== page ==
Maine Coons, like all cats, are carnivores. This means they exclusively consume minerals contained in animal products. Cats developed as hunters that ate food that was heavy in protein, moderate in fat, and low in carbs, and their diet still demands these broad proportions today. Cats also require a variety of additional nutrients, such as vitamins, minerals, fatty acids, and amino acids. Their bodies are designed to metabolize a natural diet rich in moisture, protein, and very few carbs.



1. Dry Food: Taste Of The Wild (Green Bag) is left out at all times (24/7). Kittens will leave eating dry food but we do suggest a daily treat.

2. Daily Treat: Once a day, we feed kittens a carefully balanced raw meal. If you don’t like raw foods, try 1 can of Friskies mixed with 1 cup of dry food. A balanced raw diet is essential; otherwise, raw is not a healthy alternative. Raw food is the best choice for your cat. We buy “Ground Chicken From HARE-TODAY” packed. This is a complete food that you can provide; for finicky cats, you can add canned Friskies. 

3. Immunity Support: Tomlyn Immune Support L-Lysine Powder Cat Supplement is a veterinary-formulated supplement that helps your cat’s immune system, respiratory health, and eye health. Taste tested and preferred by cats and kittens, this product is safe and effective for cats of all ages. This is especially beneficial for kittens who are moving to a new home and dealing with the stress of relocation. We discovered the supplement from our veterinarian, and we love it.


We recommend feeding Maine Coons a well-balanced raw food. Raw food that is properly balanced is the healthiest alternative for your cat. It is critical to provide a ***balanced*** raw diet; otherwise, raw is not the healthiest alternative. Cats fed a balanced raw diet have increased muscle mass (weigh more), a better coat, are less likely to contract certain ailments, and have longer lives. A balanced raw diet is essential; otherwise, raw is not a healthy alternative. The transition to raw food should not disturb your cat’s tummy.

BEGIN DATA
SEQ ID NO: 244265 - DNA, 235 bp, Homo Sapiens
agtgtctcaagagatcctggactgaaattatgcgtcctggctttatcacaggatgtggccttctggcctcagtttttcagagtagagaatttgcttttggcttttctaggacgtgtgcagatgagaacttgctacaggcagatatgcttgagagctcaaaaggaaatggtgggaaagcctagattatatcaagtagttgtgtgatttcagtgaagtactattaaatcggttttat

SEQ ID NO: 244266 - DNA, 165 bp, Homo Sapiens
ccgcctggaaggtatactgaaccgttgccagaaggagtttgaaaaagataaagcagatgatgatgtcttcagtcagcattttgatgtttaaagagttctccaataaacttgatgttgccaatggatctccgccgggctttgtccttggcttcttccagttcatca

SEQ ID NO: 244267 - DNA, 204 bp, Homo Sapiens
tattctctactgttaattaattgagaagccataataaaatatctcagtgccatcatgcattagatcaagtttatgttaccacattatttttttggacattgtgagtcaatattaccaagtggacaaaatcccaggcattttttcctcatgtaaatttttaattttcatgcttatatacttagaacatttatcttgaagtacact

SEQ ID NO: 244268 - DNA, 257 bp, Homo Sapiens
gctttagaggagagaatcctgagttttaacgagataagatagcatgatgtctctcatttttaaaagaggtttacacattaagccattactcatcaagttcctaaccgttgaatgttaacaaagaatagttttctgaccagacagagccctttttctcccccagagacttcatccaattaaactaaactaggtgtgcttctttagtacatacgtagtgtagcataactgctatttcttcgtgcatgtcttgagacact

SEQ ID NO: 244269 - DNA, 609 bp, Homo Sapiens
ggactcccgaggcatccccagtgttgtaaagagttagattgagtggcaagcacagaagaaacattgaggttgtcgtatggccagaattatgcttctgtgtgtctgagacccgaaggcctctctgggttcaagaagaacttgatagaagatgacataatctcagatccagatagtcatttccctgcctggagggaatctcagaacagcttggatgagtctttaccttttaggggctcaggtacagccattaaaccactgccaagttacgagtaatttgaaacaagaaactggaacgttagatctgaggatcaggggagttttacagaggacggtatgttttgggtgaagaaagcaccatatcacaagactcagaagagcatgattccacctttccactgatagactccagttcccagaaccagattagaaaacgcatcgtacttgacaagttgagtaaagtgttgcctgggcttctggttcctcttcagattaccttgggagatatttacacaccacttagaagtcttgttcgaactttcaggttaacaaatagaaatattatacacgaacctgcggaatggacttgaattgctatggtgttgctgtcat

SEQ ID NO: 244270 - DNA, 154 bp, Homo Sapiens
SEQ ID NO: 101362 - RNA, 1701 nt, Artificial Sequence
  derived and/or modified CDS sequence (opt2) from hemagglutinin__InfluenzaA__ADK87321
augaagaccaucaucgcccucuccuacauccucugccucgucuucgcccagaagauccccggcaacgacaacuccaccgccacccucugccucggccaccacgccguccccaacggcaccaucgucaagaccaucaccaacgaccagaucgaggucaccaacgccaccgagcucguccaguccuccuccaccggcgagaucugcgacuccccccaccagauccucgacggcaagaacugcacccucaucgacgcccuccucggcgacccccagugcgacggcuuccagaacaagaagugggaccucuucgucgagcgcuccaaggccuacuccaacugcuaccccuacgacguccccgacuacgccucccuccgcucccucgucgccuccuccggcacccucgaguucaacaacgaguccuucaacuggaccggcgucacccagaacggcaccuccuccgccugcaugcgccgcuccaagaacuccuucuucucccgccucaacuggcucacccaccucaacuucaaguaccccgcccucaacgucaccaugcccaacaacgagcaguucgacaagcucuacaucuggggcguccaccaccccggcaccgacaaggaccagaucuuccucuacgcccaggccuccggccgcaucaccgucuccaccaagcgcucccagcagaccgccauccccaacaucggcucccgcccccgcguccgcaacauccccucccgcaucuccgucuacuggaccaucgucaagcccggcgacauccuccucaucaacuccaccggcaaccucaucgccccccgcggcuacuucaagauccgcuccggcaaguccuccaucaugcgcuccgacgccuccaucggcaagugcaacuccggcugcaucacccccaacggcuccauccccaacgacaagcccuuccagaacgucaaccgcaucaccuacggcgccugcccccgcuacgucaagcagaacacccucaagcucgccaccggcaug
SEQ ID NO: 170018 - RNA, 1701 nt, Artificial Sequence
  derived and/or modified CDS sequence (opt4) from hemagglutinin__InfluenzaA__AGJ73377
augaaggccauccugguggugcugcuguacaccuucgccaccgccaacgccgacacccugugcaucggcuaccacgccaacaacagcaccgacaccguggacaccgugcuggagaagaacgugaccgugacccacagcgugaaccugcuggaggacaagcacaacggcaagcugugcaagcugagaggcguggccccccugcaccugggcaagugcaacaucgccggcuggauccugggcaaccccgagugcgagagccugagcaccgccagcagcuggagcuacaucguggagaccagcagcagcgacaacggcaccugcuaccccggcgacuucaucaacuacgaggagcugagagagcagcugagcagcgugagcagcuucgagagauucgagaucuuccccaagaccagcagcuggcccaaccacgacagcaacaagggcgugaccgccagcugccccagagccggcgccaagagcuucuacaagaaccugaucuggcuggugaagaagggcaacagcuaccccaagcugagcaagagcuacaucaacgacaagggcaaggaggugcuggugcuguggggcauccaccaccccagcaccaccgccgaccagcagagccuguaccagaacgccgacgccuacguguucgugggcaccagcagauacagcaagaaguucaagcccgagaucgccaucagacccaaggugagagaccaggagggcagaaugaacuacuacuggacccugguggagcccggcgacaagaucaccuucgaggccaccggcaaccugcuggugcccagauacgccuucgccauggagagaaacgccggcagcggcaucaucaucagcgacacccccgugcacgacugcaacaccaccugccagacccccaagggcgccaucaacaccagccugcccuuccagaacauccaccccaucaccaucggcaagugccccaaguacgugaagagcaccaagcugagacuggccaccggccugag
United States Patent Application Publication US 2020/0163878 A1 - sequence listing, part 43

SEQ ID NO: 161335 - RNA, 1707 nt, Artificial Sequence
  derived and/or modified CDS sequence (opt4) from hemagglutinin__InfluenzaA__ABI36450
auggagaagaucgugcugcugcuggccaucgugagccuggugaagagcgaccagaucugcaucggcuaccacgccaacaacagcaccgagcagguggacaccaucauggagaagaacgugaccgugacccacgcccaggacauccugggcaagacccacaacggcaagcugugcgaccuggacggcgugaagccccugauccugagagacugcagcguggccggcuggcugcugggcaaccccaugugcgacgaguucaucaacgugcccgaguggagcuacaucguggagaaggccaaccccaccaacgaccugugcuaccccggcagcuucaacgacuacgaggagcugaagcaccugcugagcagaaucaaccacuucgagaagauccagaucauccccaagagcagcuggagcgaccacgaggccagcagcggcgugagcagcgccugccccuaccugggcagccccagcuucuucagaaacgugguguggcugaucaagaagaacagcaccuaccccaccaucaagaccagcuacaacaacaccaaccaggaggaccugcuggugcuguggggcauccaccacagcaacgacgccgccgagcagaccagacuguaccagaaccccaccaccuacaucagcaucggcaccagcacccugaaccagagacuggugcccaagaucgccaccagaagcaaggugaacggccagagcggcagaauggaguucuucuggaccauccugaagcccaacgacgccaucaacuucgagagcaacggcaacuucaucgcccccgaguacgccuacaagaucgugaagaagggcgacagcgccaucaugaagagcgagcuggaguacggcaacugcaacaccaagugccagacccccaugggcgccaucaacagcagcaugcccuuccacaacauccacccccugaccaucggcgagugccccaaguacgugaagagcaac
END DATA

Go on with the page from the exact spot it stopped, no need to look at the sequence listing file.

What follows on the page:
The best species-appropriate diet is to feed a properly balanced raw food. Raw is the least expensive choice per pound, but it takes the most preparation. Kittens should be fed as much raw food as they like twice a day until they are 1.5-2 years old. Adults consume 3%-6% of their body weight in raw food, but they can eat more if they choose to (some cats just expend more energy). If you are concerned that your cat is not eating enough, contact your veterinarian. A veterinarian should be able to do a physical exam to determine bodily condition.

Feline Nutrition Foundation Quote

 “A balanced raw diet includes flesh, organs, a bone or ground bone, and some vegetation.” Most people prefer to offer meats that are similar to what cats would naturally consume, thus beef, which can trigger allergic responses in certain cats, lamb, and pork are less commonly utilized. Fish should be avoided except on rare occasions for a variety of reasons, including heavy metal pollution, vitamin E deficiency, and the fact that cats become addicted to it because to its strong taste. Raw cat food diets attempt to approximate the meat-to-bone ratio of a wild diet, mainly mouse or rabbit. This equalizes the calcium-phosphorus ratio. Cats cannot survive solely on meat. Their calcium should come from bone, not a supplement, because bone contains additional minerals like copper and zinc, as well as collagen. Rawbone is an easily digested source of calcium, minerals, and enzymes. The marrow is high in nutrients. The only harmful bone is cooked bone.”


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